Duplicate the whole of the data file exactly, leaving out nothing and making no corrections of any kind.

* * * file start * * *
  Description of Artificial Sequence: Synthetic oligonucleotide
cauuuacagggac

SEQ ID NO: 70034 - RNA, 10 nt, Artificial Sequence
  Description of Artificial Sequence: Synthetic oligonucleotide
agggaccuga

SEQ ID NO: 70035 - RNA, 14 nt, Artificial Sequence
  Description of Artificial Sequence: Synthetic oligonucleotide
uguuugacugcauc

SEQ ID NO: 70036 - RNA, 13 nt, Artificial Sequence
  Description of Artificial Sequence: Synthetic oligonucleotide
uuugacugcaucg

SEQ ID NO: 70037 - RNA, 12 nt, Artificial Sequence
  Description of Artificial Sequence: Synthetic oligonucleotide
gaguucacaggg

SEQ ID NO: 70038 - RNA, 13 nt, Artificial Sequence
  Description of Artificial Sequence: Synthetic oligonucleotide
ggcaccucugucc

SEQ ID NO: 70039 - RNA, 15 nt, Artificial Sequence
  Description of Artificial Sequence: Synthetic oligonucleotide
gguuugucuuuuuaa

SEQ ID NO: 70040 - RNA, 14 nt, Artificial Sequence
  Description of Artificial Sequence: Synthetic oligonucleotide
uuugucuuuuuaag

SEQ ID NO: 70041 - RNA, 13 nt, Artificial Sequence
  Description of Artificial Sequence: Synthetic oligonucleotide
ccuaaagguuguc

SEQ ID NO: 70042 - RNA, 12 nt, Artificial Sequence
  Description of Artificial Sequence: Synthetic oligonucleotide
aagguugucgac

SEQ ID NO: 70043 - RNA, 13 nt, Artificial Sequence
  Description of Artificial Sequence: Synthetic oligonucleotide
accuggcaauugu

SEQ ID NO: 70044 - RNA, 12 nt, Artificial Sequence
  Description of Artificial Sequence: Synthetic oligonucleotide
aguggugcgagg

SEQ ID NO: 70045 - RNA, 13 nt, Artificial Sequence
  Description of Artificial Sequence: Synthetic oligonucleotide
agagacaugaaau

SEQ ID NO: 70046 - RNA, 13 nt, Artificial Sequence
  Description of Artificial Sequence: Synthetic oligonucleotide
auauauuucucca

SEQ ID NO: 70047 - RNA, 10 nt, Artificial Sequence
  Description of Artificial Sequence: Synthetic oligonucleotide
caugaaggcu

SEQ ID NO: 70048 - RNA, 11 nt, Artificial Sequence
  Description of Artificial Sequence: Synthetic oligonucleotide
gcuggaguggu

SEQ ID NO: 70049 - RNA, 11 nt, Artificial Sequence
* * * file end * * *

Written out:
  Description of Artificial Sequence: Synthetic oligonucleotide
cauuuacagggac

SEQ ID NO: 70034 - RNA, 10 nt, Artificial Sequence
  Description of Artificial Sequence: Synthetic oligonucleotide
agggaccuga

SEQ ID NO: 70035 - RNA, 14 nt, Artificial Sequence
  Description of Artificial Sequence: Synthetic oligonucleotide
uguuugacugcauc

SEQ ID NO: 70036 - RNA, 13 nt, Artificial Sequence
  Description of Artificial Sequence: Synthetic oligonucleotide
uuugacugcaucg

SEQ ID NO: 70037 - RNA, 12 nt, Artificial Sequence
  Description of Artificial Sequence: Synthetic oligonucleotide
gaguucacaggg

SEQ ID NO: 70038 - RNA, 13 nt, Artificial Sequence
  Description of Artificial Sequence: Synthetic oligonucleotide
ggcaccucugucc

SEQ ID NO: 70039 - RNA, 15 nt, Artificial Sequence
  Description of Artificial Sequence: Synthetic oligonucleotide
gguuugucuuuuuaa

SEQ ID NO: 70040 - RNA, 14 nt, Artificial Sequence
  Description of Artificial Sequence: Synthetic oligonucleotide
uuugucuuuuuaag

SEQ ID NO: 70041 - RNA, 13 nt, Artificial Sequence
  Description of Artificial Sequence: Synthetic oligonucleotide
ccuaaagguuguc

SEQ ID NO: 70042 - RNA, 12 nt, Artificial Sequence
  Description of Artificial Sequence: Synthetic oligonucleotide
aagguugucgac

SEQ ID NO: 70043 - RNA, 13 nt, Artificial Sequence
  Description of Artificial Sequence: Synthetic oligonucleotide
accuggcaauugu

SEQ ID NO: 70044 - RNA, 12 nt, Artificial Sequence
  Description of Artificial Sequence: Synthetic oligonucleotide
aguggugcgagg

SEQ ID NO: 70045 - RNA, 13 nt, Artificial Sequence
  Description of Artificial Sequence: Synthetic oligonucleotide
agagacaugaaau

SEQ ID NO: 70046 - RNA, 13 nt, Artificial Sequence
  Description of Artificial Sequence: Synthetic oligonucleotide
auauauuucucca

SEQ ID NO: 70047 - RNA, 10 nt, Artificial Sequence
  Description of Artificial Sequence: Synthetic oligonucleotide
caugaaggcu

SEQ ID NO: 70048 - RNA, 11 nt, Artificial Sequence
  Description of Artificial Sequence: Synthetic oligonucleotide
gcuggaguggu

SEQ ID NO: 70049 - RNA, 11 nt, Artificial Sequence